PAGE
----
Status of Cookie Consent in the Age of Privacy
The New Trend
By now you have seen them. They are everywhere. Cookie consent notices have sprung up like flowers on a fine Spring morning and cannot be avoided when surfing the Internet.
You might think that these are related to the new European Data Privacy Laws or GDPR (General Data Protection Regulation) that became effective last year. You might also think that, although they might be highly annoying, they provide you with a higher sense of control over your interaction with any given site.
Unfortunately, you would only be partially right on both accounts. But, let us come back to this in a bit.
What is Cookie ?
First let us go back for a second and look at what a cookie is.
A cookie is nothing more than a very small text file. When you visit a website, the server that hosts that site asks your browser to place this file on your computer, typically somewhere within your browser cache files. Once it’s on your computer, the cookie acts a lot like a membership card you might have for your local gym. With each visit, your browser flashes this card back to that site. The cookie lets the site know who you are and any other relevant information necessary for personalizing your user experience.
The exact information stored on the cookie will vary from site to site, depending on what information is necessary for that particular system. In most cases, it will identify you as repeat visitor in some way. For example, if the site requires a login, the cookie may allow you to remain logged in, or if you had a favorite site-theme, it may remember to use it to display site formatting in that way. Another example would be if you place and order and use a physical store as your pickup store for your order, the site may display the inventory available there first.
This membership-card-like behavior makes cookies ideal for tracking especially when using them across many sites and when these sites start talking to each other via syndication and AI. This means cookies can be used to track your online behavior in high detail. Sites like Google, Facebook, Amazon, and Double-click have built extensive profiles on internet visitors. With sufficient interactions, an online persona can be built with whom experiments can be conducted to find the best way to influence the real you.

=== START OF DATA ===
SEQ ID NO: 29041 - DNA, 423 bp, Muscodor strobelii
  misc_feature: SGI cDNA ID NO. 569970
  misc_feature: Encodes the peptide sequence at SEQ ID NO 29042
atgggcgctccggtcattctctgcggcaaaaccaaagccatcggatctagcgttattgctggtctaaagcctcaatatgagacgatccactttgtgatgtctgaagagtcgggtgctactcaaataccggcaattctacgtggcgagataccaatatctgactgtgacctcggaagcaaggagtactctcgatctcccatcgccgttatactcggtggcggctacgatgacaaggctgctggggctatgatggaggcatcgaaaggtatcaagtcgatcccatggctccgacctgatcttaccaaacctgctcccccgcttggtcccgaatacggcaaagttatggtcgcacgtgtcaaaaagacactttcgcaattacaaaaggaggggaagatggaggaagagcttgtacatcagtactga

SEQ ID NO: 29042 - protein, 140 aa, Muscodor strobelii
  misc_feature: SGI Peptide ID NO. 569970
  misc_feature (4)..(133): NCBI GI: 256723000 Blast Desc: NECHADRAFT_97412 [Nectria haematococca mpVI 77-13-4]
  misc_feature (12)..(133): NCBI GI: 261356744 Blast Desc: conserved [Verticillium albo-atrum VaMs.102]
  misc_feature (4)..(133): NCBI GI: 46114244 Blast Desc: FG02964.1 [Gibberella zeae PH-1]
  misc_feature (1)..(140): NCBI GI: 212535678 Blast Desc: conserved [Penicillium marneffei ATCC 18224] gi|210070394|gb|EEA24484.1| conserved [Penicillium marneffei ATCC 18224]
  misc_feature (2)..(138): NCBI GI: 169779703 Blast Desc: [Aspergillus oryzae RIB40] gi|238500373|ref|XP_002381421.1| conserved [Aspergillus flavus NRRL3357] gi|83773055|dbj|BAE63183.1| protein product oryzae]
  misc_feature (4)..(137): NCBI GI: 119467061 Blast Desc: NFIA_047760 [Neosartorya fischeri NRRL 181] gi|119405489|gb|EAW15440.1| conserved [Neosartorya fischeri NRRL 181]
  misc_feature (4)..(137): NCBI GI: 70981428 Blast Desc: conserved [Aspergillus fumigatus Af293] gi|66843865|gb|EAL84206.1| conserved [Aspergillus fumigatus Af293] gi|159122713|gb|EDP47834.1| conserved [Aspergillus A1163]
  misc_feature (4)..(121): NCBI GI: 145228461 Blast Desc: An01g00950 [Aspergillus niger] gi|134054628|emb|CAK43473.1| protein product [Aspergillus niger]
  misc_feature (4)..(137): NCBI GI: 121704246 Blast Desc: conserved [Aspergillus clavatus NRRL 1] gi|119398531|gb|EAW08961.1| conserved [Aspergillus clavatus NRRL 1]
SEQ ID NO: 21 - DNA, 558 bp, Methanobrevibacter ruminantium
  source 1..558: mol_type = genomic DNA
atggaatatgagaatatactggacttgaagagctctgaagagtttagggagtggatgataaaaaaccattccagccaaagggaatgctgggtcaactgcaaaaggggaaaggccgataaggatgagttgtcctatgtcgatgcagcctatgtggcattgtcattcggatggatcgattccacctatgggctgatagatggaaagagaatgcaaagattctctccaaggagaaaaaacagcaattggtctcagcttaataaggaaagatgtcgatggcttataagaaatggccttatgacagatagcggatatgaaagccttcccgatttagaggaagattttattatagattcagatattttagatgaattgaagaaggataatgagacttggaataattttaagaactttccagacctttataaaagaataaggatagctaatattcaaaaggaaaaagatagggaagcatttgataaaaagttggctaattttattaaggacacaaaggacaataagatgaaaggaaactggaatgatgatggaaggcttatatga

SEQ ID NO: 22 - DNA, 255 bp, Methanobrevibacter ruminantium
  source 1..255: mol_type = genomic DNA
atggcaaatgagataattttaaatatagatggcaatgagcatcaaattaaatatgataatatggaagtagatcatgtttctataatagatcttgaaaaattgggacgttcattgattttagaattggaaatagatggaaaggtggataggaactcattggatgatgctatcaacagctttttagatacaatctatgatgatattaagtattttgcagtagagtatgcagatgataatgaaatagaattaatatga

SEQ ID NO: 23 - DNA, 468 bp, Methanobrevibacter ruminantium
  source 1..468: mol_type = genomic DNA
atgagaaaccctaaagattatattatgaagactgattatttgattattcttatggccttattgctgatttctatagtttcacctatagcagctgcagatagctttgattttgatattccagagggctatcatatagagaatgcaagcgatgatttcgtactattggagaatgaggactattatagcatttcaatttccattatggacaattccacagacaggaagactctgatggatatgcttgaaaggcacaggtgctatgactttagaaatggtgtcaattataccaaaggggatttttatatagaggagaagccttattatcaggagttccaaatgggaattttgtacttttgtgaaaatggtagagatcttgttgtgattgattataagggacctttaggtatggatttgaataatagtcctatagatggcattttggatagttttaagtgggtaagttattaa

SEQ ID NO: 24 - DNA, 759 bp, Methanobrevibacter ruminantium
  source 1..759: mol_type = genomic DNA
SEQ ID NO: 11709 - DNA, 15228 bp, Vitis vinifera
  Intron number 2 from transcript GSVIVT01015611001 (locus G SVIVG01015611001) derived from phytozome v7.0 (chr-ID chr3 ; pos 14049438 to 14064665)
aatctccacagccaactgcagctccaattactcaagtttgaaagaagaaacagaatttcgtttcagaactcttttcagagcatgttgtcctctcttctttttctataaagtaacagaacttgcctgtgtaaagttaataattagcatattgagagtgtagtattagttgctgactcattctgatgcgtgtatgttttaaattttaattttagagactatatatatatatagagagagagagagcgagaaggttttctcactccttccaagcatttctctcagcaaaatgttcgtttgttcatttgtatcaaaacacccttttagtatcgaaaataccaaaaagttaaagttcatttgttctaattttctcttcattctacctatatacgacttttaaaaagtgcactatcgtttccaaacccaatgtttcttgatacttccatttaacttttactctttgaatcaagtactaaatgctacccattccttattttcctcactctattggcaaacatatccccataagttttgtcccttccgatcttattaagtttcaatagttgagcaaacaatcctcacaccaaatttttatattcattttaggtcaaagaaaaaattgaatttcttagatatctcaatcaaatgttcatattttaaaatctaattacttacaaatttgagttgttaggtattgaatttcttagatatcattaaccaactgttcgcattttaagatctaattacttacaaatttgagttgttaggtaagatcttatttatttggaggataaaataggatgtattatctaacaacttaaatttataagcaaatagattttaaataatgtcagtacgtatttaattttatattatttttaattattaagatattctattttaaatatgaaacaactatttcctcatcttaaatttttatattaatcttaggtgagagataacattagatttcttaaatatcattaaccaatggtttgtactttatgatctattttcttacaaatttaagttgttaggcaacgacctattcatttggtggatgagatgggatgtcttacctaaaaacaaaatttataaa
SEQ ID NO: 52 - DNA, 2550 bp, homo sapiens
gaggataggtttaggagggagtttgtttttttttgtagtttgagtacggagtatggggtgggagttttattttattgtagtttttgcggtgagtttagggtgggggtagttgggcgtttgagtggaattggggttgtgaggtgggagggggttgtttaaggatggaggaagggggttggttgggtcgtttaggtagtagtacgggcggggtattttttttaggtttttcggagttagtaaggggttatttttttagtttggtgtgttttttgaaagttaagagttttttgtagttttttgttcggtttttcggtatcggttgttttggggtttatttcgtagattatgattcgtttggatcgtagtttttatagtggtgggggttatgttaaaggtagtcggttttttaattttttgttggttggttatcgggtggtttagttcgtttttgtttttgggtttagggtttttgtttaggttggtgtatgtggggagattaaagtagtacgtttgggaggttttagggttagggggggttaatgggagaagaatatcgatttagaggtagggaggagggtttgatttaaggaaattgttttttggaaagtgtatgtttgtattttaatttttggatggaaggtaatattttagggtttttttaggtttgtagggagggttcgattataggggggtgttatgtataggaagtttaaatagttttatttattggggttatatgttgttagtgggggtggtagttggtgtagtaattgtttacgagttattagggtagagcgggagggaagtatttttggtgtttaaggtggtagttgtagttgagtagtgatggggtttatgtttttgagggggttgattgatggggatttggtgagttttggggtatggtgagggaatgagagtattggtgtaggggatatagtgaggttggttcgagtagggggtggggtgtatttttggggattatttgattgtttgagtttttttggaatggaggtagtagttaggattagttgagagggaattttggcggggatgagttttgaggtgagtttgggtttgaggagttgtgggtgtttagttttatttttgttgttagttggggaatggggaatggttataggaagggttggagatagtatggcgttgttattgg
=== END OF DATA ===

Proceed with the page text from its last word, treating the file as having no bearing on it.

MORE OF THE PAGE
You could easily dismiss this as a strange and improbable future tale if it were not for detailed evidence of its use today. For example Cambridge Analytica‘s whole premise was to find out the best way to manipulate users by using behavioral modeling. And if you thought it was strange that Facebook ads appeared for items you searched on Amazon, you should take notice of secret data sharing agreements between the two companies.
Fortunately, when you live in Europe the laws are spelled out more clearly.
The EU Cookie Law
NATURAL PERSONS MAY BE ASSOCIATED WITH ONLINE IDENTIFIERS…SUCH AS INTERNET PROTOCOL ADDRESSES, COOKIE IDENTIFIERS OR OTHER IDENTIFIERS…. THIS MAY LEAVE TRACES WHICH, IN PARTICULAR WHEN COMBINED WITH UNIQUE IDENTIFIERS AND OTHER INFORMATION RECEIVED BY THE SERVERS, MAY BE USED TO CREATE PROFILES OF THE NATURAL PERSONS AND IDENTIFY THEM.Excerpt Recital 30 of EU GDPR